With the League Two season due to start on the 12th September – just one calendar month away – and the National League due to follow on the 3rd October, it’s small wonder that some are up in arms about the timing of the decision, even though it doesn’t really feel as though anyone has been particularly dragging their feet over this particular question, when we factor in the exenuating circumstances surrounding it. But this will have a significant knock-on effect on divisions below the EFL, regardless of its right or wrongs. Indeed, it’s already had a significant effect upon Macclesfield Town. Manager Mark Kennedy resigned earlier today.

Macclesfield Town are on the precipice of a complete free-fall now, following a set of circumstances that would be difficult to recover from if we hadn’t been living under the extraordinary restrictions of Covid-19. Owner Amar Alkadhi resigned his position as chairman of the club last week, handing it over to a “senior management team” while a replacement is found. His malign influence over the club, however, seems likely to continue for now at least, though. He may no longer be the chairman, but he remains the majority shareholder, and whilst his stated ongoing desire to sell the club is almost certainly the best thing for Macclesfield Town, there may not be too many people queuing up to throw money onto this particular bonfire, considering both the state of the club itself and of the wider economy.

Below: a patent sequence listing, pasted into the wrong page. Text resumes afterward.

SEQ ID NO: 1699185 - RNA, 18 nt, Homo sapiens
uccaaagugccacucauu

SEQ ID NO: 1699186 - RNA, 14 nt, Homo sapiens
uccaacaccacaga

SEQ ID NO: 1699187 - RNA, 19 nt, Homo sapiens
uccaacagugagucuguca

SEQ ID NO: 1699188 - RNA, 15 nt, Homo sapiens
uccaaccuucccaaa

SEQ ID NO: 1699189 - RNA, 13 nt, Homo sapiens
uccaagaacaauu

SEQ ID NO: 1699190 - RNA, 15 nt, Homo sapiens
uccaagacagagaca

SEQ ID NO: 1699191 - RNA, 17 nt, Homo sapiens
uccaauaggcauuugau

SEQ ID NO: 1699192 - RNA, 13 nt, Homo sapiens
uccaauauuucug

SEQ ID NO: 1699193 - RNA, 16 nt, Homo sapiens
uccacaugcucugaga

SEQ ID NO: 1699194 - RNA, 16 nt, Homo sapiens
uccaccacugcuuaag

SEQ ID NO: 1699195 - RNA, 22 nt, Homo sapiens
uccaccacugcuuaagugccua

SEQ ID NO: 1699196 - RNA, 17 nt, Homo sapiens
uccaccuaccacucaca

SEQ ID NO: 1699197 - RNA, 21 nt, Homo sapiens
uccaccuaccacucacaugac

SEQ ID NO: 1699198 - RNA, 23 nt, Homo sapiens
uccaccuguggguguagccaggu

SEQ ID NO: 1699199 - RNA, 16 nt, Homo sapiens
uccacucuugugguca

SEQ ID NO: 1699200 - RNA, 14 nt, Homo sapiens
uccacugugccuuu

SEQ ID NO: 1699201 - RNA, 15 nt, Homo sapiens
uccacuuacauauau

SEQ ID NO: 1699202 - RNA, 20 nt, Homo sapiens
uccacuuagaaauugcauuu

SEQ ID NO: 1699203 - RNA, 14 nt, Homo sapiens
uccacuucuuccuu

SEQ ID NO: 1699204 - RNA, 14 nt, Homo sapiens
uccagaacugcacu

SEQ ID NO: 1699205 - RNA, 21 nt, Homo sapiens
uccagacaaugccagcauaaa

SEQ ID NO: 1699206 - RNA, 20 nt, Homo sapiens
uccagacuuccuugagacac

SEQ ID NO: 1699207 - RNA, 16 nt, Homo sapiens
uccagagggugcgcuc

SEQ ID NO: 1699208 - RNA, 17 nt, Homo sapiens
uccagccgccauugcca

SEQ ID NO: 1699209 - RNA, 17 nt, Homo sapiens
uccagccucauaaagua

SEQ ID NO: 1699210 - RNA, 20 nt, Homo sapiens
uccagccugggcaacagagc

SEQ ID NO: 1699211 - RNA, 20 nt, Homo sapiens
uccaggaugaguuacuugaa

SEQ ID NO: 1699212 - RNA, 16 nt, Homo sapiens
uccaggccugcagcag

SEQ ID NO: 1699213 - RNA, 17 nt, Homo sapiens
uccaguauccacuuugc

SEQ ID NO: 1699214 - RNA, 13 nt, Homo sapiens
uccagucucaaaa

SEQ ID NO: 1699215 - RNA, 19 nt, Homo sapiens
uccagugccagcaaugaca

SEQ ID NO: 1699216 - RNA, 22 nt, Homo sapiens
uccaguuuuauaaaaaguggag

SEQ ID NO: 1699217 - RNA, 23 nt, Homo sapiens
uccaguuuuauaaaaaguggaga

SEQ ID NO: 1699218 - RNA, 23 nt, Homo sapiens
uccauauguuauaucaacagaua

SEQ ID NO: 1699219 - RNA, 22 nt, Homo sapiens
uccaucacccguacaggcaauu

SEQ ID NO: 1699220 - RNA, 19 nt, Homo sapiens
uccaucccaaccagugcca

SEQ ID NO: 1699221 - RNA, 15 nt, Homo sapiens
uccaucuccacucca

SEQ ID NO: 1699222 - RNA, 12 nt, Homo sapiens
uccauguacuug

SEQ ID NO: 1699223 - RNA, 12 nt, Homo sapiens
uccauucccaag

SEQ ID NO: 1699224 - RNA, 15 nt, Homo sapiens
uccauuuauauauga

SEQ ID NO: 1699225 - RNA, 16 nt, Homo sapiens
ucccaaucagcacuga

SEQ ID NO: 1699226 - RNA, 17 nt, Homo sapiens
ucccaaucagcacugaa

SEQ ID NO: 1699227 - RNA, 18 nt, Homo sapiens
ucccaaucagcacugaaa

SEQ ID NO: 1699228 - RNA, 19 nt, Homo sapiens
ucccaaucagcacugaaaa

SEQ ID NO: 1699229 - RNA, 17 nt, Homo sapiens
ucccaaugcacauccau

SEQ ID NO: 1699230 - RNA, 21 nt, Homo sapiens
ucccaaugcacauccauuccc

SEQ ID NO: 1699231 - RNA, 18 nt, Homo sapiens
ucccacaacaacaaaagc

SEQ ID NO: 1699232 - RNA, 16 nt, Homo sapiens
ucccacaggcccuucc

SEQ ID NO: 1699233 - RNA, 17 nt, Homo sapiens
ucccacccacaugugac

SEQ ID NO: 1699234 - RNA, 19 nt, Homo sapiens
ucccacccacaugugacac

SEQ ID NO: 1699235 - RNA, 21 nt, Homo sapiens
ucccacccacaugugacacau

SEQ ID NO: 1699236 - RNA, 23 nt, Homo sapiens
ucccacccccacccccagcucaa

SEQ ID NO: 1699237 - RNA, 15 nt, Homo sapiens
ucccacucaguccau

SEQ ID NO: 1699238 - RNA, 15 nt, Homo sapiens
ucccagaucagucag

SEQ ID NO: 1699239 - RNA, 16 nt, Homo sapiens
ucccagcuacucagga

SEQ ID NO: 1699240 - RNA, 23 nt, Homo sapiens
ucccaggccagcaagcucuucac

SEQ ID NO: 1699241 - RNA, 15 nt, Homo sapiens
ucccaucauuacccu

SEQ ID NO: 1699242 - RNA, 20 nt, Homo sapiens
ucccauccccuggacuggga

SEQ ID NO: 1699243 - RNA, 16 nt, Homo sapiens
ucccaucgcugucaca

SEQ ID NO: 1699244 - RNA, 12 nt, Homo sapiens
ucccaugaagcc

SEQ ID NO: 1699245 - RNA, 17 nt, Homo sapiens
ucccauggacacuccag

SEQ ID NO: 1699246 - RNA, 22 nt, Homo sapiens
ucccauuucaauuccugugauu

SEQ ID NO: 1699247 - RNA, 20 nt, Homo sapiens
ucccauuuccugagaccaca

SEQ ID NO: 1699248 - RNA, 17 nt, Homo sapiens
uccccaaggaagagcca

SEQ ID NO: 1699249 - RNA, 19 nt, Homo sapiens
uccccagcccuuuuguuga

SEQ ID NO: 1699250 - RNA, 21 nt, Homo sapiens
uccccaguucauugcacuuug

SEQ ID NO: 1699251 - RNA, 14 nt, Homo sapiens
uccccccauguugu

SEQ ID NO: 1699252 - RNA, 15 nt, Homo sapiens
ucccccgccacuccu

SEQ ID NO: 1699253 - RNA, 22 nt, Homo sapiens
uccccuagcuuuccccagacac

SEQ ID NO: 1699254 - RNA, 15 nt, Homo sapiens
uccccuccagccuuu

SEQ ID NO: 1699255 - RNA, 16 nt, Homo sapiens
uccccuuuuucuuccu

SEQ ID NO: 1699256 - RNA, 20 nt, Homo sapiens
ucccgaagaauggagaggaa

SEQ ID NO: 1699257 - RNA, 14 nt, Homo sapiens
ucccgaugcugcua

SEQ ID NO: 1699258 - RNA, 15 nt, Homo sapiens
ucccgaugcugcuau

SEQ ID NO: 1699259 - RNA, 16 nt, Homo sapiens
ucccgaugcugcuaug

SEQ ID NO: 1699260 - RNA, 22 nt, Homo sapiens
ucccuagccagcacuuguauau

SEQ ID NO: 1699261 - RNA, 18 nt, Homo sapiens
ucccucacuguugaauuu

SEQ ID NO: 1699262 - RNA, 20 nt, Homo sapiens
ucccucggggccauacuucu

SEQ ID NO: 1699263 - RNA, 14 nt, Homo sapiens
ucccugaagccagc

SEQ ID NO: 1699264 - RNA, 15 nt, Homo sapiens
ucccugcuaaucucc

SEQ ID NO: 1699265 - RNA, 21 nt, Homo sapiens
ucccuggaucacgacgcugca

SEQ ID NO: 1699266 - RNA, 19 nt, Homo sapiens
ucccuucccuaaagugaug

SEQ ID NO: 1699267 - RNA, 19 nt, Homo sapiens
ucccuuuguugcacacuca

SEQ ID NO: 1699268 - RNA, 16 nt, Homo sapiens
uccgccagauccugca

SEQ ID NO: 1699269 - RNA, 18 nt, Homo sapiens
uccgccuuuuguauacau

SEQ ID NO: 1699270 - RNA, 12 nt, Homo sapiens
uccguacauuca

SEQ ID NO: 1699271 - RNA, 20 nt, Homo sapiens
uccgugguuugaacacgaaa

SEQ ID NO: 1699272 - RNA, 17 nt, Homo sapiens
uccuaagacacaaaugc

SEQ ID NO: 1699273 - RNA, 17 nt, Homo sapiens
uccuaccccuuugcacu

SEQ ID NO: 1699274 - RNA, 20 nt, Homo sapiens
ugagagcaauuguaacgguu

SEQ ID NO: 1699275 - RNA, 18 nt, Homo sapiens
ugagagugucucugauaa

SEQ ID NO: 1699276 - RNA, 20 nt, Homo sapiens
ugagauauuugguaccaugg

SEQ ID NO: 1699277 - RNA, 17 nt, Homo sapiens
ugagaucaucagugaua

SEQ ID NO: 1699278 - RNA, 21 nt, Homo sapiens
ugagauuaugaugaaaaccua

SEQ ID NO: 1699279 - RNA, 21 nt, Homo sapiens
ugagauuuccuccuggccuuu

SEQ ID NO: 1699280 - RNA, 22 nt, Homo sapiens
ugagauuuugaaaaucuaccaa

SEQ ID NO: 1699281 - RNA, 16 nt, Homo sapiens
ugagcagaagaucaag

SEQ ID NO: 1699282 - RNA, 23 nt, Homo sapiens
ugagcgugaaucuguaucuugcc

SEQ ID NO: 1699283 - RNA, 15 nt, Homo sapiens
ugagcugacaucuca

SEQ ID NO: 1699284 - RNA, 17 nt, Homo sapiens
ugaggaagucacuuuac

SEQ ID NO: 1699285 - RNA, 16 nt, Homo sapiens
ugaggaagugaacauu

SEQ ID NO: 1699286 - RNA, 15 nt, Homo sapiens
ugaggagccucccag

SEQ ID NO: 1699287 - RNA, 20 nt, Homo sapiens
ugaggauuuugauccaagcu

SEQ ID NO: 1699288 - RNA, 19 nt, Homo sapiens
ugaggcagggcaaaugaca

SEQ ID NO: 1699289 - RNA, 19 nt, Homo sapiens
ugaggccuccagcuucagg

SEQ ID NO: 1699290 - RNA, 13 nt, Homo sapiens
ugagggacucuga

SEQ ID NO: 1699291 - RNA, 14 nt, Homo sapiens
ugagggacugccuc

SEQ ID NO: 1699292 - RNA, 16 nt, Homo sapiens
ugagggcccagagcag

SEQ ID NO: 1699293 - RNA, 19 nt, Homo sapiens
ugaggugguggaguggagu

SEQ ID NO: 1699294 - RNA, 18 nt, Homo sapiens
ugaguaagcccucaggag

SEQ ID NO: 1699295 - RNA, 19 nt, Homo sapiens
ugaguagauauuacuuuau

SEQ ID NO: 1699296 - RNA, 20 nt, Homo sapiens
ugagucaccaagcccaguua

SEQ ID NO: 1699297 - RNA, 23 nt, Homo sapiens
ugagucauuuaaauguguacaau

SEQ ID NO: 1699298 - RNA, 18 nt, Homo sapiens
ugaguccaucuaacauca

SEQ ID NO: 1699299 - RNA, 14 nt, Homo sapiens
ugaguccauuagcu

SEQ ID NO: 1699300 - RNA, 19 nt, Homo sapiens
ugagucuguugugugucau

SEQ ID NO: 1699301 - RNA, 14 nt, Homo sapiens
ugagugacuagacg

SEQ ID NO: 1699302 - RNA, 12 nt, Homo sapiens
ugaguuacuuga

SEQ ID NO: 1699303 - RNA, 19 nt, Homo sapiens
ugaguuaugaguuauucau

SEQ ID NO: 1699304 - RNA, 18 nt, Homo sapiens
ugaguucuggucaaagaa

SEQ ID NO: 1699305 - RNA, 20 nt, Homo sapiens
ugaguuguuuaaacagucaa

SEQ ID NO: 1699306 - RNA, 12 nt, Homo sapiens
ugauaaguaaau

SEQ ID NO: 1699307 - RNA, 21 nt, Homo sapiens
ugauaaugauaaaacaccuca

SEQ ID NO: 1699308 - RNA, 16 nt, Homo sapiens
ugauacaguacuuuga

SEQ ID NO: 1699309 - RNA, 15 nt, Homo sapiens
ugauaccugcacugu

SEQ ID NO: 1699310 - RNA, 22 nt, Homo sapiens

There are, of course, still questions. Did the EFL give the slightest amount of thought to the knock-on effect of this decision on the divisions below them? Should decisions of this nature really be made just a few weeks before the start of the new season? And why, when the seasons had ended in both cases, was Macclesfield’s points deduction applied this season when Sheffield Wednesday’s, which was also announced after the end of the season and was deferred to the following season, even though punishment for last season would have relegated them? If it wasn’t too late for Macclesfield Town, why was it for Sheffield Wednesday? But that’s been the nature of the EFL over these last few years, a regulator that doesn’t want to regulate, overseeing 72 clubs that don’t want to be regulated. And what’s happening to Macclesfield Town right now is yet another example of what happens when this is the way things are. Stevenage, presumably, are thanking their lucky stars.